By Oscar Mike
In this article, I will cover proper preparing, starting and sustaining a fire, as well as information on the basic application of specific types of fires. Not all fires are the same. Different preparation and fuels are needed to produce differing levels of heat, light, and fuel sustainability in your fire.
One of the more overlooked aspects of starting a fire is preparation.
One can’t just go about willy-nilly and throwing sparks onto logs to create fire. It just doesn’t work that way. Starting a fire takes careful planning and gathering of materials to ensure success. If you don’t have the energy to do things twice or you see inclement weather rolling in and you’re short on time, proper preparation may save you from having to endure a cold night.
Tinder - The most important element to starting any fire is tinder. Without good tinder no amount of spark or friction-produced ember will be useful. Tinder comes in many different forms from natural to synthetic and may or may not include additives. This is the base fuel needed to start your fire and it will provide the first flames which you’ll apply to your kindling.
Kindling - The second element of producing a sustainable fire is kindling. Types of kindling can vary from unaltered pieces of fuel such as small sticks and pine duff, to prepared pieces like feather sticks and artificial fire starter sticks. Kindling provides the first base of flames strong enough and long-lasting enough to light your main source of fuel.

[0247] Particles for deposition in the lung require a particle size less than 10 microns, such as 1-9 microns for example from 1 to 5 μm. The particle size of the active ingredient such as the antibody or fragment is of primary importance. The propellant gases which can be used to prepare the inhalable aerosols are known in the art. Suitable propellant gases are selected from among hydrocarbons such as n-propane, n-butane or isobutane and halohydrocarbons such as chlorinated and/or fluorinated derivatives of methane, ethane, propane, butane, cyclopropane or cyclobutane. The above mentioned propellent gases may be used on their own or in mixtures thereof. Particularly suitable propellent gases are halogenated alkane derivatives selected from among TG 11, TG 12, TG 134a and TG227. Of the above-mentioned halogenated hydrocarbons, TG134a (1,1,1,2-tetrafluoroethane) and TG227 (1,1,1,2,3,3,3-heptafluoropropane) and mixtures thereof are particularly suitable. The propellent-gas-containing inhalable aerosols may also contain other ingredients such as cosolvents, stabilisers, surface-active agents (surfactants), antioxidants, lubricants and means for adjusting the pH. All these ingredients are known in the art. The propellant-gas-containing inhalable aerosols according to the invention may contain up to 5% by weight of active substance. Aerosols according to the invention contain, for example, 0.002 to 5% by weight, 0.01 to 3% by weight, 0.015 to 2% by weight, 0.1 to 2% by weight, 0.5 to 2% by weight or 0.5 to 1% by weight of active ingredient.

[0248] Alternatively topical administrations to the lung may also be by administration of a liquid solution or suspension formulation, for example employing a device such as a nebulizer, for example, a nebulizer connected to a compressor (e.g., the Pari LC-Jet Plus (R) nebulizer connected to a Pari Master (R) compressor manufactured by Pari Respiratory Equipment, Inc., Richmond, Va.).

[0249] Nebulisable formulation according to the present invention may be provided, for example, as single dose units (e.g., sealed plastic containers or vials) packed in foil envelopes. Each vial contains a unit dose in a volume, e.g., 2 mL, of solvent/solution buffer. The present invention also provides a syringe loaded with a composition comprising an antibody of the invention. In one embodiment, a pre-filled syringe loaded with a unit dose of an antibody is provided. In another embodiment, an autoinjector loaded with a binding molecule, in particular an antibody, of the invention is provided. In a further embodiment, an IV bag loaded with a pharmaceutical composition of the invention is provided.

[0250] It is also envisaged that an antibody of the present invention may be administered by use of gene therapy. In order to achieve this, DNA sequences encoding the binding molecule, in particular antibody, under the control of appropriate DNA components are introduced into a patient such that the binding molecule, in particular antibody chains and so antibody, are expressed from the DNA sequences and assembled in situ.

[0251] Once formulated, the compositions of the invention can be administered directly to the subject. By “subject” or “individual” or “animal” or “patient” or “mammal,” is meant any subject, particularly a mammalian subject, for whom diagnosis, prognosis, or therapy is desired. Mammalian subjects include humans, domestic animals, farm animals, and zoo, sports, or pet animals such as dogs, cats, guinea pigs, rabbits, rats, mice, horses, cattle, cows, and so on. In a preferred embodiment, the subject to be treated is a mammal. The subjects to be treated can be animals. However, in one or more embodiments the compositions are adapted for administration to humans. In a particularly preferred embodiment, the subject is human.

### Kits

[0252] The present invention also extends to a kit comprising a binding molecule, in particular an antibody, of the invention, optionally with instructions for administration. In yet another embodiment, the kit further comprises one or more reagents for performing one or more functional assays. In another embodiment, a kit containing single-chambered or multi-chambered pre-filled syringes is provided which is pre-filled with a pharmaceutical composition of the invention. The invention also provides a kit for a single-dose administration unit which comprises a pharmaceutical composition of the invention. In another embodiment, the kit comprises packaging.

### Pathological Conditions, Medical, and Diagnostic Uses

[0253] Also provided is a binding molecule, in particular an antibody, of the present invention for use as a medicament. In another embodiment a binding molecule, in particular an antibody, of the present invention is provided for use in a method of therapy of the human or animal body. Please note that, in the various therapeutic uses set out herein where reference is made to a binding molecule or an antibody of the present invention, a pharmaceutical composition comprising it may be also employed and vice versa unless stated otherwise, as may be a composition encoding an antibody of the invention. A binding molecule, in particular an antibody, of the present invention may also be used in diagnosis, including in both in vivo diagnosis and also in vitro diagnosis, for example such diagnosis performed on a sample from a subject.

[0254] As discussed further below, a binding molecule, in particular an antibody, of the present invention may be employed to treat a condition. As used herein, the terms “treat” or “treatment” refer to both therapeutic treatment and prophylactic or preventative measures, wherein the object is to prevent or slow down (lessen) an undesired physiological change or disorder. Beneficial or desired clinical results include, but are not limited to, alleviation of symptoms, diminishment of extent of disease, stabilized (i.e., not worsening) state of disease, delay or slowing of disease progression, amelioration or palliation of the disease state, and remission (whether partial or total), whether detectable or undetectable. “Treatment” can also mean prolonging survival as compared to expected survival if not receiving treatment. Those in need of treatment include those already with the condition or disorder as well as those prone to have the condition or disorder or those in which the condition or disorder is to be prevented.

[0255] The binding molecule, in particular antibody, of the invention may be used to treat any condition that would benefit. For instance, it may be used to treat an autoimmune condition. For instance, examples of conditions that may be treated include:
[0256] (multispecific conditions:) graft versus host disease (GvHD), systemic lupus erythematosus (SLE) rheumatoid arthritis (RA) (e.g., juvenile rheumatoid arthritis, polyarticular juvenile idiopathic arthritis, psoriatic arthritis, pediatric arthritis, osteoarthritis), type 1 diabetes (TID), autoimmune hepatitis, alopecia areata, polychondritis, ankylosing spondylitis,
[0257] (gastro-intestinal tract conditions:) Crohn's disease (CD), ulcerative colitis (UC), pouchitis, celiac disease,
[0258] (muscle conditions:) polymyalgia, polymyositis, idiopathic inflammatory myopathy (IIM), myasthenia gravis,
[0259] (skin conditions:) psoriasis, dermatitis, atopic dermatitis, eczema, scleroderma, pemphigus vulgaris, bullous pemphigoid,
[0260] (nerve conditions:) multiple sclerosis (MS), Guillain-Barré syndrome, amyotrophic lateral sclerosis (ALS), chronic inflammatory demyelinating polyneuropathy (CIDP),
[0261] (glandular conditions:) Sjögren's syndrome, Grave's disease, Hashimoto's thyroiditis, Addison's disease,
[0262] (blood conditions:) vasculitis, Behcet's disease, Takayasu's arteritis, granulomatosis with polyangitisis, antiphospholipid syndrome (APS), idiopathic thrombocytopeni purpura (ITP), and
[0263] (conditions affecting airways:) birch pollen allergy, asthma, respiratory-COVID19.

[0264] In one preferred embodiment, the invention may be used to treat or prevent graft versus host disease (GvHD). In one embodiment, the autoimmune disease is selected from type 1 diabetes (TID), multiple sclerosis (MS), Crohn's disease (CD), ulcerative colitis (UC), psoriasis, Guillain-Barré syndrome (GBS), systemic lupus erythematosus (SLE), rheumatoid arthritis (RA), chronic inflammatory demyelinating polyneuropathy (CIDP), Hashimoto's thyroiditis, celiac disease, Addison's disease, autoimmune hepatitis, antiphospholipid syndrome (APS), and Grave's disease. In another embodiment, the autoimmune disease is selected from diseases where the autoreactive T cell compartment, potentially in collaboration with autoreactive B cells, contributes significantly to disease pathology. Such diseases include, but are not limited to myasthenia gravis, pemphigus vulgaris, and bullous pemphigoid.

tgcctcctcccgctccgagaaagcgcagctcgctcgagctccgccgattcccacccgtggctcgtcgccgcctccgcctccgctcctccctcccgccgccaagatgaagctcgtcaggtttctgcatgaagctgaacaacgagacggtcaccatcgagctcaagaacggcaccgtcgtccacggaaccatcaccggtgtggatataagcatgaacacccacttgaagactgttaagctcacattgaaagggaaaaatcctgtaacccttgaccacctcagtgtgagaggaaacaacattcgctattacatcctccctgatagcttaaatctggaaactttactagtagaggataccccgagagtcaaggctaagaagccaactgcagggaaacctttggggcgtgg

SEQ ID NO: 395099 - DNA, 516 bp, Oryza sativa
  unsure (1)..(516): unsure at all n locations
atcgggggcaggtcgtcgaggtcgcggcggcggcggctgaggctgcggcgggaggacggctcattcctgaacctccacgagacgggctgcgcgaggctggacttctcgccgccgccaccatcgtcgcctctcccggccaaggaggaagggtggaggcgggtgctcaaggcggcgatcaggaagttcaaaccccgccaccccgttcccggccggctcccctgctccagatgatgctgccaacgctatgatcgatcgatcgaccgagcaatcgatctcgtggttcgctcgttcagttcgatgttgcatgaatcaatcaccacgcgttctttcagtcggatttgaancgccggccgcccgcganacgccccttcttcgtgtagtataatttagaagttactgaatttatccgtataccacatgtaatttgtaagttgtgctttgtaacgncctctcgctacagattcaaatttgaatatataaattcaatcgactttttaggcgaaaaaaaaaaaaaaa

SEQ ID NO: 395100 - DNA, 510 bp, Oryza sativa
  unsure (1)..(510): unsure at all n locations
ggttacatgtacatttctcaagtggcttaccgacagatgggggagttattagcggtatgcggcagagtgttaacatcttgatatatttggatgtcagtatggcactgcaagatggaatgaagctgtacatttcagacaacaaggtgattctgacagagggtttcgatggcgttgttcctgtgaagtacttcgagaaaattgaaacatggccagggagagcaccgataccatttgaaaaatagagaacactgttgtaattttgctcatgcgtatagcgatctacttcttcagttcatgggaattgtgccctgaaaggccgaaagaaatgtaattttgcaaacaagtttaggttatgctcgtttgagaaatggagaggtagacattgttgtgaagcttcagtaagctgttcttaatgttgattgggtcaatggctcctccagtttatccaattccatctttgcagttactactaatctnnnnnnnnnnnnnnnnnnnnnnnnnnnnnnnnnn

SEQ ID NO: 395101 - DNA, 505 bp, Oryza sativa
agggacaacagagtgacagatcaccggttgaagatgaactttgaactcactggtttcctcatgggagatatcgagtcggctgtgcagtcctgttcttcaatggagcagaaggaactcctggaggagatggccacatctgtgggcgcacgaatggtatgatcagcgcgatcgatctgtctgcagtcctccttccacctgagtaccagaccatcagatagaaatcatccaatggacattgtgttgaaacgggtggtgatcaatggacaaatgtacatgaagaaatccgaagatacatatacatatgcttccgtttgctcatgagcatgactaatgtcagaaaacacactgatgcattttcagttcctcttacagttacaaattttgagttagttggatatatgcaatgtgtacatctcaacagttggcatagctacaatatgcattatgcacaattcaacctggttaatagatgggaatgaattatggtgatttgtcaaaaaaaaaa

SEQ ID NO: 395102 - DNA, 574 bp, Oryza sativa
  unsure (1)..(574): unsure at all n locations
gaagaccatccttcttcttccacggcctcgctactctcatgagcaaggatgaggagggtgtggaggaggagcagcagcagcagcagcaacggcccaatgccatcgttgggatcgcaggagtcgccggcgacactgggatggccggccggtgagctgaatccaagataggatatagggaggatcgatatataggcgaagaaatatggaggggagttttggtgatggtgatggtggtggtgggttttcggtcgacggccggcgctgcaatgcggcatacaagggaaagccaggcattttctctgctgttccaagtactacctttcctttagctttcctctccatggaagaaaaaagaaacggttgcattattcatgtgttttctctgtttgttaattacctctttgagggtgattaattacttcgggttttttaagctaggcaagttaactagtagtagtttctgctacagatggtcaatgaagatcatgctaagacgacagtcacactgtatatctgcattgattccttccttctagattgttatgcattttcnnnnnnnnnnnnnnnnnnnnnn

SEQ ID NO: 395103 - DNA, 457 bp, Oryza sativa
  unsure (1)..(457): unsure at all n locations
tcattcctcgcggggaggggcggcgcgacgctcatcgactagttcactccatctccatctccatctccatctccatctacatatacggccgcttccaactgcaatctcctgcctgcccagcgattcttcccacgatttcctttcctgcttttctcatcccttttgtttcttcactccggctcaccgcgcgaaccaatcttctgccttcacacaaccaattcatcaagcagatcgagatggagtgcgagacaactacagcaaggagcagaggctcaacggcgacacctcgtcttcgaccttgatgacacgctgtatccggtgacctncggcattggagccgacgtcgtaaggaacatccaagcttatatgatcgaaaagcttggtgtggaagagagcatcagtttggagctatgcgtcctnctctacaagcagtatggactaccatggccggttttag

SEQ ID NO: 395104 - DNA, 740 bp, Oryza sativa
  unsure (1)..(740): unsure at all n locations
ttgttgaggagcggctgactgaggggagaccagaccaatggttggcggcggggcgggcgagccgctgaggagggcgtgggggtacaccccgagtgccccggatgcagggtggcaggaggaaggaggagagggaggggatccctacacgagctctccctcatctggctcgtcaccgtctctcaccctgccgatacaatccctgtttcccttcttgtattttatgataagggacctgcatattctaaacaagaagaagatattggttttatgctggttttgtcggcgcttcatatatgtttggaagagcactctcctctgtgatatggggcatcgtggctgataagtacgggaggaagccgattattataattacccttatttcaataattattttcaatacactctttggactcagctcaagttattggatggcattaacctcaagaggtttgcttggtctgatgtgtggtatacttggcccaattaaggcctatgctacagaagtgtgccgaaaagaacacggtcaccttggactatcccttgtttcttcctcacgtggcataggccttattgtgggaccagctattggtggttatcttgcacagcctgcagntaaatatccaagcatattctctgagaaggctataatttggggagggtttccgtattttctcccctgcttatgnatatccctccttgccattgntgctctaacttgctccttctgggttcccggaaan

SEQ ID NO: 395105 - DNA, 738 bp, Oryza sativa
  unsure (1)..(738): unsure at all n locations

Fuel Wood - This is the last fuel step of your fire. Depending on the type of wood you choose you can dictate how hot your fire burns, how bright it…
Read the Entire Starting Fire Survival Tips article at : http://savedrounds.net/survival-series-pt-4-tinder-kindling-and-fuel-wood/
About Shield Tactical;
Shield Tactical is a family business. Though we are not all related by blood, the bond of 2nd ammendment supporters is just as strong. My name is John W. Harrington and I am the president and founder of Shield Tactical. I have been involved in student based firearm instruction for over ten years. Over that period of time, my philosophy has been simple – make it about the shooter. Every member of our team has heard me say (more than they care to count) “People don’t come to us to hear about how great we are or what we have done, they come to us for what we can do for them”. Visit: www.shieldtactical.com